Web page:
Career Advice, Interviews

How To Tell The ‘Story of You’ In A Job Interview: Part 2 – Plots

Last week I wrote about the importance of being able to tell a good story about yourself in an interview. Before we even get into the structure of the story creation, “the story of you” should be made up of at least six mini-plots that you need to know about yourself.  Storytelling expert, Andy Goodman, talks to non-profit organizations about the stories that they need to be able to tell in order to catalyze patrons to give.  Those stories or plots, with a little modification, hold up for the stories we need to be ready to tell about ourselves in an interview.  Before we put any of this into the classic structure of narrative, start now with knowing these things about yourself:

  • The “nature of your challenge” story – Can you articulate what the challenge is that you are trying to overcome?  People want to help each other, but they can’t and won’t unless they can identify with the challenge of others.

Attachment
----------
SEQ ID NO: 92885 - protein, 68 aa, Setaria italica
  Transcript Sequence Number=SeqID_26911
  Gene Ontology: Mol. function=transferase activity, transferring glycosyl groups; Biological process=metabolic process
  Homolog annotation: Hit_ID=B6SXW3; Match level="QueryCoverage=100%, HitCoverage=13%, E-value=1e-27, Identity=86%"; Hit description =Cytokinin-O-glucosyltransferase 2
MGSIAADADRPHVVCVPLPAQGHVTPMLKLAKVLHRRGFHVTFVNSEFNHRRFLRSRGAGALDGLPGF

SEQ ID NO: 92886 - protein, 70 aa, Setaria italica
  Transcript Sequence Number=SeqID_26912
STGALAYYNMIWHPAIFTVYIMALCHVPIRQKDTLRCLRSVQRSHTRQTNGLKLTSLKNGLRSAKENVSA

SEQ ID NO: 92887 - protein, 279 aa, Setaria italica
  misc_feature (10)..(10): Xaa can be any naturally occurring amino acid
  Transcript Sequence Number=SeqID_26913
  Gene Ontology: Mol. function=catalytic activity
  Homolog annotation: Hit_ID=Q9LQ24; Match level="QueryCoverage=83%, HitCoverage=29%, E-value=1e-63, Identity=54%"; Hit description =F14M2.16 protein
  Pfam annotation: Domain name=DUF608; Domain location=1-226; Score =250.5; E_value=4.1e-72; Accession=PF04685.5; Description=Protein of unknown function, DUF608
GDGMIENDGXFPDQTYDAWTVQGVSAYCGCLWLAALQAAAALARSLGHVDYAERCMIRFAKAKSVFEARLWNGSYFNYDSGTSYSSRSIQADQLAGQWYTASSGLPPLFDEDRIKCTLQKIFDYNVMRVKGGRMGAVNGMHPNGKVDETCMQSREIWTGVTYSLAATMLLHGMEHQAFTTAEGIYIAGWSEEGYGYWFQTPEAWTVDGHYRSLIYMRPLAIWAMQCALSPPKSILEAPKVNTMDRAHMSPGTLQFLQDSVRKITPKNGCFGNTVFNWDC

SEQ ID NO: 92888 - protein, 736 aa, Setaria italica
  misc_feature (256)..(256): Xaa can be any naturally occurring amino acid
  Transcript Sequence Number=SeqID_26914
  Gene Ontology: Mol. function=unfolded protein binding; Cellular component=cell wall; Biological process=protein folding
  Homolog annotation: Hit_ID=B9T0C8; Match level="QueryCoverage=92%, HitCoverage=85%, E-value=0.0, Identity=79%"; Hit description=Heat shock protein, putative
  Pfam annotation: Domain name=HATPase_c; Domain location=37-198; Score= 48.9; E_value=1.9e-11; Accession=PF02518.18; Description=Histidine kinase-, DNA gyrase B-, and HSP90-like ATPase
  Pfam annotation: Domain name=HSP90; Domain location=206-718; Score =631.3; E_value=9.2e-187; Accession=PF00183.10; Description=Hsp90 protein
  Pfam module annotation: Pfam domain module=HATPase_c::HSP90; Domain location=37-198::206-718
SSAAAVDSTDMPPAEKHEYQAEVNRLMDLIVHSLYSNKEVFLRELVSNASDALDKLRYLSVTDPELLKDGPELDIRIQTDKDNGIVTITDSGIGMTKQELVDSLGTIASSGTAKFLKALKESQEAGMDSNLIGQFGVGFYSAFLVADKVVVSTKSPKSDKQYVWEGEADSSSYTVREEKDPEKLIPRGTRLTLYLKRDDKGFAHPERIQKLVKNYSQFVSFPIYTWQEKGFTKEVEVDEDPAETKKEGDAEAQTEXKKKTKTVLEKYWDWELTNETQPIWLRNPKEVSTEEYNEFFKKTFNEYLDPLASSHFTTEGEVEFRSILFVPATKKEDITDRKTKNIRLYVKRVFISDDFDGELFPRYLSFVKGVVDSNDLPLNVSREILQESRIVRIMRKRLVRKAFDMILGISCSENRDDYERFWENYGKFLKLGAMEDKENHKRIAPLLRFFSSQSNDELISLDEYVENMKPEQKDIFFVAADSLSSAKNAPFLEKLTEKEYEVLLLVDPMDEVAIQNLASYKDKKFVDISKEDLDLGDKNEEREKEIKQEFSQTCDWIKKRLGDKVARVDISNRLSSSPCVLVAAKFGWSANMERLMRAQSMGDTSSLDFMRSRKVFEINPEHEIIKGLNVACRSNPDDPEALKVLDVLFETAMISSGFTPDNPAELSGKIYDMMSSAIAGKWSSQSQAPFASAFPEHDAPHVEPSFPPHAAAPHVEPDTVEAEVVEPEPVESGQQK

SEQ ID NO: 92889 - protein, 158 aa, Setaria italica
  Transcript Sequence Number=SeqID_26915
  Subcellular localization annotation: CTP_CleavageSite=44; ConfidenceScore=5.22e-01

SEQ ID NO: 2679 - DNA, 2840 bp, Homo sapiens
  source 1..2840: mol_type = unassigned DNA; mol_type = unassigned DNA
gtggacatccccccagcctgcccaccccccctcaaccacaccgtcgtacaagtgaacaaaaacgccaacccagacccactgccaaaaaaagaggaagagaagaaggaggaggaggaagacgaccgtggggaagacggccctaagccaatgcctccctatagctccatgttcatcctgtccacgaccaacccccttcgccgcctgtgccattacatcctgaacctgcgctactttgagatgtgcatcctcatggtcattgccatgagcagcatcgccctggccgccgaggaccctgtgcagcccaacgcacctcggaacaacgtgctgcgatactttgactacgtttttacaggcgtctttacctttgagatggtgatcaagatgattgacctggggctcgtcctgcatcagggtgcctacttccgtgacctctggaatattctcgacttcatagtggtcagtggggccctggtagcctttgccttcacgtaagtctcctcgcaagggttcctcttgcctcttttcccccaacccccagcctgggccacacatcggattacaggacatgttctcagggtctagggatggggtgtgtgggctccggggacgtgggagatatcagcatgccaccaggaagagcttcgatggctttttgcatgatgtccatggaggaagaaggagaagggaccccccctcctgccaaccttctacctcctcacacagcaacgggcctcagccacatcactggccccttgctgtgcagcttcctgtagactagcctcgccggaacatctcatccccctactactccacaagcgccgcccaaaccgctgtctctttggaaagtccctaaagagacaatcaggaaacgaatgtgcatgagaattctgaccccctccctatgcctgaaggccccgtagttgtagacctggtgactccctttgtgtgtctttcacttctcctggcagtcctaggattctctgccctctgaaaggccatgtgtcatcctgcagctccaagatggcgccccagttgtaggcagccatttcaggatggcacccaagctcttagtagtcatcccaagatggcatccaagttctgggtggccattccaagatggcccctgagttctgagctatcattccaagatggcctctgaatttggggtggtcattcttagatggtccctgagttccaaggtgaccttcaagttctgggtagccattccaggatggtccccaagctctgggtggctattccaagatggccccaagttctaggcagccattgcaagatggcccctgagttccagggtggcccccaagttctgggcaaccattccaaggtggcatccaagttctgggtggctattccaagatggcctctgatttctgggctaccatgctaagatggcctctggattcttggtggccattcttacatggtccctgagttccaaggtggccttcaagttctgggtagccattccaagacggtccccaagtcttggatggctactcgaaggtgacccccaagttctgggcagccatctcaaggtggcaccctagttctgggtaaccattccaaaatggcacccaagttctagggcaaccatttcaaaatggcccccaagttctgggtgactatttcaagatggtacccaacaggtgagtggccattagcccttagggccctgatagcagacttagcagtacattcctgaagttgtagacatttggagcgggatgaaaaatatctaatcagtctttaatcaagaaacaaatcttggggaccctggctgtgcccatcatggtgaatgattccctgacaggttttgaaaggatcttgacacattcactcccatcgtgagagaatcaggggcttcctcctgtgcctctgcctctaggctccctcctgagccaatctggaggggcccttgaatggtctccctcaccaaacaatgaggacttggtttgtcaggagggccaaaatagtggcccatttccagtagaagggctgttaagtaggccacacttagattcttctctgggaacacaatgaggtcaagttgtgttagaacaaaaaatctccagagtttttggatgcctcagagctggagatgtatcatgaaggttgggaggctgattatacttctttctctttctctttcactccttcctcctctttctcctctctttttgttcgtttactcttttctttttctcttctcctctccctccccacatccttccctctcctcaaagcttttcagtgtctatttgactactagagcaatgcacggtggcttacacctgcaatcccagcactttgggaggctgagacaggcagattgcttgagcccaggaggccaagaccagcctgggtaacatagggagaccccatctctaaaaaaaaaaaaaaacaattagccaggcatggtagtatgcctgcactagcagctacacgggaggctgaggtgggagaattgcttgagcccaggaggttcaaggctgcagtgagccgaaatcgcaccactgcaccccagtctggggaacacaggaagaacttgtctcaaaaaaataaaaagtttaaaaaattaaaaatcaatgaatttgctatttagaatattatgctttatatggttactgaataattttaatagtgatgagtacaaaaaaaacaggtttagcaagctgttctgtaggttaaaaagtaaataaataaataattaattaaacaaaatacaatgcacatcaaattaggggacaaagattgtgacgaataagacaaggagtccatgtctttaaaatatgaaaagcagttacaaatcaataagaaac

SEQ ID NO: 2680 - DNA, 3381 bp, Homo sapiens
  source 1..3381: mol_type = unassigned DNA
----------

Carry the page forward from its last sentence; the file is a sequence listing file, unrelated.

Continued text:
• The “where you started” story – Are you comfortable talking about the core of who you are and where you started as it relates to what makes you up today?
  • The “emblematic success” story  – Do you have the two to three successes cataloged that emphasize and bring out what makes you uniquely successful?
  • The “your performance” story –  Can you point to and talk about your performance in an objective way that expresses clearly your values and principles for not only what you can do, but how you do it?
  • The “striving to learn and improve” story – Can you express how you learn from your mistakes and successes and what you are doing to continuously improve?
  • The “where you are going” story – Can you describe what you want to do, where you want to be in the future, and when you want to get there?  Everyone has a dream, but I am always so surprised with how few people can describe and tell the story of their dreams.

Within the next week, take the mini-stories/plots for you and see if you can write them down as if you were telling them to me or someone else. Don’t worry about how long they are right now, just get them down on a piece of paper.  Next week, we will start to work with the structure of the three acts of a story and begin scripting your own story to tell.